of high speed operation may bring about excessive temperature. If this is your case, the preload may be reduced slightly.
To change the adjustment, remove the spindle pulley, loosen the set screw in the preload nut and back the preload nut off four degrees of rotation (counter clockwise). The bearings are lightly pressed into the case, so the inner race will not move without a sharp tap with a plastic mallet to the end of the spindle where the pulley is attached.
If you find your bearings are set too loose, you may want to take up on the end play. You can check them with an indicator or by spinning the spindle without the motor belt engaged. If the spindle spins freely with a chuck or faceplate on it, it is too loose for normal work. Adjust the preload nut until it turns approximately one and a half revolutions when spun by hand.
Gibs (tapered synthetic adjustment shims) are fitted to the mill headstock, saddle and table and to the lathe saddle and crosslide. Correct adjustment of the gibs will ensure smooth and steady operation of the slides. The gib is effectively a taper with an angle corresponding to the one machined into the saddle. It is held in place by an "L" wire gib lock which is secured with a locking screw. It is adjusted by loosening the gib locking screw and pushing the gib in until "play" is removed. After adjusting, retighten the locking screw. Milling operations require a tighter adjustment of the gibs than lathe operations.
Backlash is the amount the handwheel can turn before the slide starts to move when changing directions. This is a fact of life on any machine tool and on machines of this type it should be about .003" to .005" (.08mm to .12mm).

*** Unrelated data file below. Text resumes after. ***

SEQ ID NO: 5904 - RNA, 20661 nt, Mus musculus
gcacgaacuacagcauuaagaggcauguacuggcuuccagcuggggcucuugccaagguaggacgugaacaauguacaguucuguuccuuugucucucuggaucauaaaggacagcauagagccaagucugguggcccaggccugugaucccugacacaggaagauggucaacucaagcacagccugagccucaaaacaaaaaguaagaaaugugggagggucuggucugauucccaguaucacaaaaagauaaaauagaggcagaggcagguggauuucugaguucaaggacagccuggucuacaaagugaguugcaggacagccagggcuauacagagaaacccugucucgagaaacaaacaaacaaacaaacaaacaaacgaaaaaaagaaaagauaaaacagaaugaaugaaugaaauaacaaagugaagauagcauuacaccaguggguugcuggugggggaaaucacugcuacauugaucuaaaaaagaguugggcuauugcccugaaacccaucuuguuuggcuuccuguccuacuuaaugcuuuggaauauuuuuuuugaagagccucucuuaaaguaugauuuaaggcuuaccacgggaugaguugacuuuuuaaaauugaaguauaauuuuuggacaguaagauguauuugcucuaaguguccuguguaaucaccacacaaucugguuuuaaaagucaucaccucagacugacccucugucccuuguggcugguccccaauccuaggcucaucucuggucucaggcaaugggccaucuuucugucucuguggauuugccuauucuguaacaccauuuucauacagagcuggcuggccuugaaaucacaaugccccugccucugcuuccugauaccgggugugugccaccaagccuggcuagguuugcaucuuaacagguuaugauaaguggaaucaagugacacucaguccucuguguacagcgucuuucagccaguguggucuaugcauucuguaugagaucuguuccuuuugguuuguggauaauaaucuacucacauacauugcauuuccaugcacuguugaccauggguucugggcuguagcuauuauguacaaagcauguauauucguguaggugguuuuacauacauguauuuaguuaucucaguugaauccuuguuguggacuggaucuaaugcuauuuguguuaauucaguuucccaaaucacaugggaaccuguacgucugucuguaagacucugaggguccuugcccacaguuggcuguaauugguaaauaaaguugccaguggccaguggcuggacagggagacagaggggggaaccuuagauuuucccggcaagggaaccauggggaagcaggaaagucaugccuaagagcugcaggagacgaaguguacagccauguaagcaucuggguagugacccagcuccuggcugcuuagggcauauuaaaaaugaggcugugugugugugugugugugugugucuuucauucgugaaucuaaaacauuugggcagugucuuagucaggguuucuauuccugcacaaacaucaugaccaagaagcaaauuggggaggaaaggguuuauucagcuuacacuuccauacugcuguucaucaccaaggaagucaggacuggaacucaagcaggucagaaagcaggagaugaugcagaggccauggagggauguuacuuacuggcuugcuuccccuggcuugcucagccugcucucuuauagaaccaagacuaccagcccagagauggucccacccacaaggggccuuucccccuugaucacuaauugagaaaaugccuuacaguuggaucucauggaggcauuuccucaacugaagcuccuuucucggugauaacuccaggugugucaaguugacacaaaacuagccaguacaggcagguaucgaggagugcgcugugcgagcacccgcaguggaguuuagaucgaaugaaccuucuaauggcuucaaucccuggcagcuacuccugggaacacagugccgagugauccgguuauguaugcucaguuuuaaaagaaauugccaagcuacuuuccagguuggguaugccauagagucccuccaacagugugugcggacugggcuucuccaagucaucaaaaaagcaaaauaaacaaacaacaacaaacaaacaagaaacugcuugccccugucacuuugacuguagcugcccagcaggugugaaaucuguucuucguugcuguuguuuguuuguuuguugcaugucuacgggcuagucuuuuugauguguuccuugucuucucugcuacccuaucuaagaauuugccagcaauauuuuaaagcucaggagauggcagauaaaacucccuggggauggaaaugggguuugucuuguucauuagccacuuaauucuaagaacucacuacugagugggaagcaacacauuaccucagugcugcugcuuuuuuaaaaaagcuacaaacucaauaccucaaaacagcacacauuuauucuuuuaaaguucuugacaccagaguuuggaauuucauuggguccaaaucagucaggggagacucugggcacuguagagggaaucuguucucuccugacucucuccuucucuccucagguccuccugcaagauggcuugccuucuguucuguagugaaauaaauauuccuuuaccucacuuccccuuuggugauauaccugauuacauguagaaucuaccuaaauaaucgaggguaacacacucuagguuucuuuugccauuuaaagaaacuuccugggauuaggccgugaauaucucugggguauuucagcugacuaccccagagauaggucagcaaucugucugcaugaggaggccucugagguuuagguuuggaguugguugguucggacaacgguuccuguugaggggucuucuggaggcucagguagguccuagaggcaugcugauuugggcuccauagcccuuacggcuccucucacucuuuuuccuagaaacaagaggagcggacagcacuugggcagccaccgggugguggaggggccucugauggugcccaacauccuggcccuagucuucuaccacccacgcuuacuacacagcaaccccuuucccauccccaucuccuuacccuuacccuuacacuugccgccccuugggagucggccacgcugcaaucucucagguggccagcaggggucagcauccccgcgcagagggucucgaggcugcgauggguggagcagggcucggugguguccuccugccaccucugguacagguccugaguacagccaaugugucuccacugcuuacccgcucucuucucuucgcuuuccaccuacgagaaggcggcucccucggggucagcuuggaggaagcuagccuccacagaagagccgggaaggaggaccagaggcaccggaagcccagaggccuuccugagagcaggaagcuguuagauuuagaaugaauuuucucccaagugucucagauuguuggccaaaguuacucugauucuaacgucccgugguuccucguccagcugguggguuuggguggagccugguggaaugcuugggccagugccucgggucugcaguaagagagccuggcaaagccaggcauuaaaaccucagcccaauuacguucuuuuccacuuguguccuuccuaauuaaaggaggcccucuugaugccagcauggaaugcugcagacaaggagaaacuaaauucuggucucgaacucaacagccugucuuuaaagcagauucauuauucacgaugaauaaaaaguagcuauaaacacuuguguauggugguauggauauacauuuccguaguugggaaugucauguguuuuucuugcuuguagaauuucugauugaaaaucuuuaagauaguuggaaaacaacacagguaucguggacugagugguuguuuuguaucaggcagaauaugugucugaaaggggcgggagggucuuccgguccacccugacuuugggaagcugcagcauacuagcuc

Backlash must be allowed for by feeding in one direction only. Example: You are turning a bar to .600" diameter. The bar now measures .622" which requires a cut of .011" to bring it to a finished diameter of .600". If the user inadvertently turns the handwheel .012" instead of .011", he couldn't reverse the handwheel just .001" to correct the error. The handwheel would have to be reversed for an amount greater than the backlash in the feed screws before resetting the handwheel to its proper position.
Backlash on the "X" and "Y" axes of the mill may be reduced to a minimum by adjustment on the anti-backlash nuts. These nuts are located on the handwheel ends of the mill saddle. The nuts are secured by slotted pan head screws which hold a pointed locking plate that interlocks with teeth on the nut.
To adjust backlash, simply loosen the pan head screw and slide the locking plate to one side. Rotate the anti-backlash nut clockwise on the "X" axis and counterclockwise on the